Community Stories: Mandy Kelso, Turning Paper Pages into Wings
Opening the TDBank branch at 37th & Broadway came with many surprises and delights, but few as inspiring as receiving the opportunity to serve on the Board of a local nonprofit, Library For All.
Midtown Manhattan has become the home of a buzzing tech sector, with eBay's offices in the 20s, reaching all the way up to Bloomberg near Bryant Park. Amidst the fashionistas and garment visionaries, sit developers, sprinkled throughout the cafes, sipping Wi-Fi along Broadway's pedestrian path, or in one of the many co-op work spaces that have sprouted up throughout Midtown. Among them sits a unique tech non-profit who envisions "a world with opportunities for all individuals to learn, dream, and aspire to lift themselves out of poverty." Library For All's mission is nothing less than to make knowledge accessible to all, equally. And from the moment I met the founders, Tanyella Evans and Rebecca McDonald, in the Echoing Green Fellowship office on the corner of 37th & 7th, I knew that this was a nonprofit, this was a tech company—errr, this was a game-changer, like no other.
Library For All gives to the developing world what others have failed to deliver: books that encourage and motivate children to read. It brings together quality, locally relevant books and educational materials from various sources into one simple, searchable platform. Other nonprofits have donated computers, tablets, smartphones, and other tools to deliver education to impoverished areas, but without the books written in local languages, all of these have failed to deliver the basic seed of literacy: the children's book. It is a virtual library full of children's books, with illustrations, all written in the local language. These books can be read from any device the school has it its disposal, often shared tablets donated by other nonprofits to the struggling areas where books are scarce or even nonexistent. It does this by partnering with the many Manhattan-based nonprofits to help them deliver on their missions. For example, through its recent partnership with Books For Asia, which collaboratively launched the digital library in its schools in Cambodia and Mongolia.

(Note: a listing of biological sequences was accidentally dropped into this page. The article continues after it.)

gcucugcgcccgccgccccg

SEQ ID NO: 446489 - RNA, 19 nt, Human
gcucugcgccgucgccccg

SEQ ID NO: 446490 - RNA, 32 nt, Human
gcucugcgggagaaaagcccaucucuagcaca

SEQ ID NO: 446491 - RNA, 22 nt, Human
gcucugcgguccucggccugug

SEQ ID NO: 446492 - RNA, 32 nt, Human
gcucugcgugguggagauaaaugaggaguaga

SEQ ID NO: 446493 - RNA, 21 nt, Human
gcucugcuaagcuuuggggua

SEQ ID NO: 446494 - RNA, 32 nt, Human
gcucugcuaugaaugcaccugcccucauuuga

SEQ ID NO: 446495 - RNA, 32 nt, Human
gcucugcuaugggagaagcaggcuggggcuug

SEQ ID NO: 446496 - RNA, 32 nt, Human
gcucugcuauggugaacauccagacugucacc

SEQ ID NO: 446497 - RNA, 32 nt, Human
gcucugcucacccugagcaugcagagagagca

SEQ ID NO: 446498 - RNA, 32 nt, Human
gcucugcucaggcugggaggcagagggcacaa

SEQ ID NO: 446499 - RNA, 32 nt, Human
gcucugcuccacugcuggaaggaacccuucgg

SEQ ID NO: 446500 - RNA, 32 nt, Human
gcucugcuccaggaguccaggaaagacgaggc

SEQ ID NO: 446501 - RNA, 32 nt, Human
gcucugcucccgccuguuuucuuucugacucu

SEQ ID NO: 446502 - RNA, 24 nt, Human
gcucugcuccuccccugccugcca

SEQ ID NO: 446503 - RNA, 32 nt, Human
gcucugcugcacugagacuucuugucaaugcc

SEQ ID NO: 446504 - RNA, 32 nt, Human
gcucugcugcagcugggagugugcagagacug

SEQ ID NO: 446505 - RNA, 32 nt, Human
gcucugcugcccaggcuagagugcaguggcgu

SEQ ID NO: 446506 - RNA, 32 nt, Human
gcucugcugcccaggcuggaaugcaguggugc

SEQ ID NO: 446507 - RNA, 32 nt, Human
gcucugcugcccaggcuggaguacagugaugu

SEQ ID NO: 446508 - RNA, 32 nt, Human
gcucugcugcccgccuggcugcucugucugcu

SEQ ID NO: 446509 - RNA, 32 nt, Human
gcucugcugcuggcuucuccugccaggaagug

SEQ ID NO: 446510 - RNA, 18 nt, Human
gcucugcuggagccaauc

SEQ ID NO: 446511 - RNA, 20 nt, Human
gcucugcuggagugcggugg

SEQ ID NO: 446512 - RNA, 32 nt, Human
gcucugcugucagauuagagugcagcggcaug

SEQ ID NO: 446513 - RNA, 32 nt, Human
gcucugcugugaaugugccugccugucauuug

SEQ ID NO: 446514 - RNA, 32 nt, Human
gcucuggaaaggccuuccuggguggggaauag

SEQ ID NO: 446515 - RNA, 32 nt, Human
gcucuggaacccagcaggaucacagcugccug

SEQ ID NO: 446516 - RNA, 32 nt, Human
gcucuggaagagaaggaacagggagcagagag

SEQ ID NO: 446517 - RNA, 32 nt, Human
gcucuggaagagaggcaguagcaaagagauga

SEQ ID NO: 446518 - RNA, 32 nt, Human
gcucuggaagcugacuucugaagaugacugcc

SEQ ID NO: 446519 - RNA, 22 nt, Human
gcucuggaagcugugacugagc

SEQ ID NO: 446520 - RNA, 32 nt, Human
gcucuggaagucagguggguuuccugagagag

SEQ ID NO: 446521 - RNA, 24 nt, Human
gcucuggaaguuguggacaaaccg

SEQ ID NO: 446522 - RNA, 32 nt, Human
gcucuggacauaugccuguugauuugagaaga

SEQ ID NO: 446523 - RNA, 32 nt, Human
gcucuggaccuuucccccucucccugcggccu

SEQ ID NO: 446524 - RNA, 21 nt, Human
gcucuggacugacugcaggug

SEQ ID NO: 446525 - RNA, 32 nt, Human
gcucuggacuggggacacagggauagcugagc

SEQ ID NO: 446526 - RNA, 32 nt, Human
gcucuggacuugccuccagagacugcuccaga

This is where I believe I am particularly fortunate—my store is situated right in the heart of a city teeming with techies, large international nonprofits, and home to one of the most literate populations in the United States. New York has long been known as a thinker's hive—a place where arts and altruism forge new possibilities, and the world follows. Library For All is an endeavor that in many ways could only be born right here. I have served on the boards of the International YMCA, Chaired the United Nations Association Asian Affairs Committee, and worked with the Partnership for the Eradication of Human Trafficking, but serving Library For All has been an eye-opening experience because it is the first time I have worked with an organization that is scalable and systemically tackling the root cause of the social inequities that previous organizations have endeavored to treat, almost symptomatically. Inherently, I have always worked through grass-roots organizations—hosting a fundraiser or even many, across this wild and opulent city takes a skill set that I think many business developers have. However, working on a larger project—always considering scalability, feasibility, distribution models, competitive technology, and the market impact of a single partnering organization on the fruitfulness of the program, are all larger-scope skills that serving LFA has helped me to develop.
As one of three girls raised on welfare by our disabled mother, I can honestly say that books were my door to opportunity, a full scholarship to an amazing university, and a colorful and creative life. But Wil Rose once said "success is not counted by how high you have climbed but by how many people you brought with you." In my heart, I have always held a picture of my own younger self, greedily pushing through the pages of The Wild Swans by Hans Christian Anderson, a newfound love of reading burgeoning there.
Through Library For All, I have learned how to take that vision and translate it into a larger-scale endeavor to give all such children that singular moment when pages turn into wings.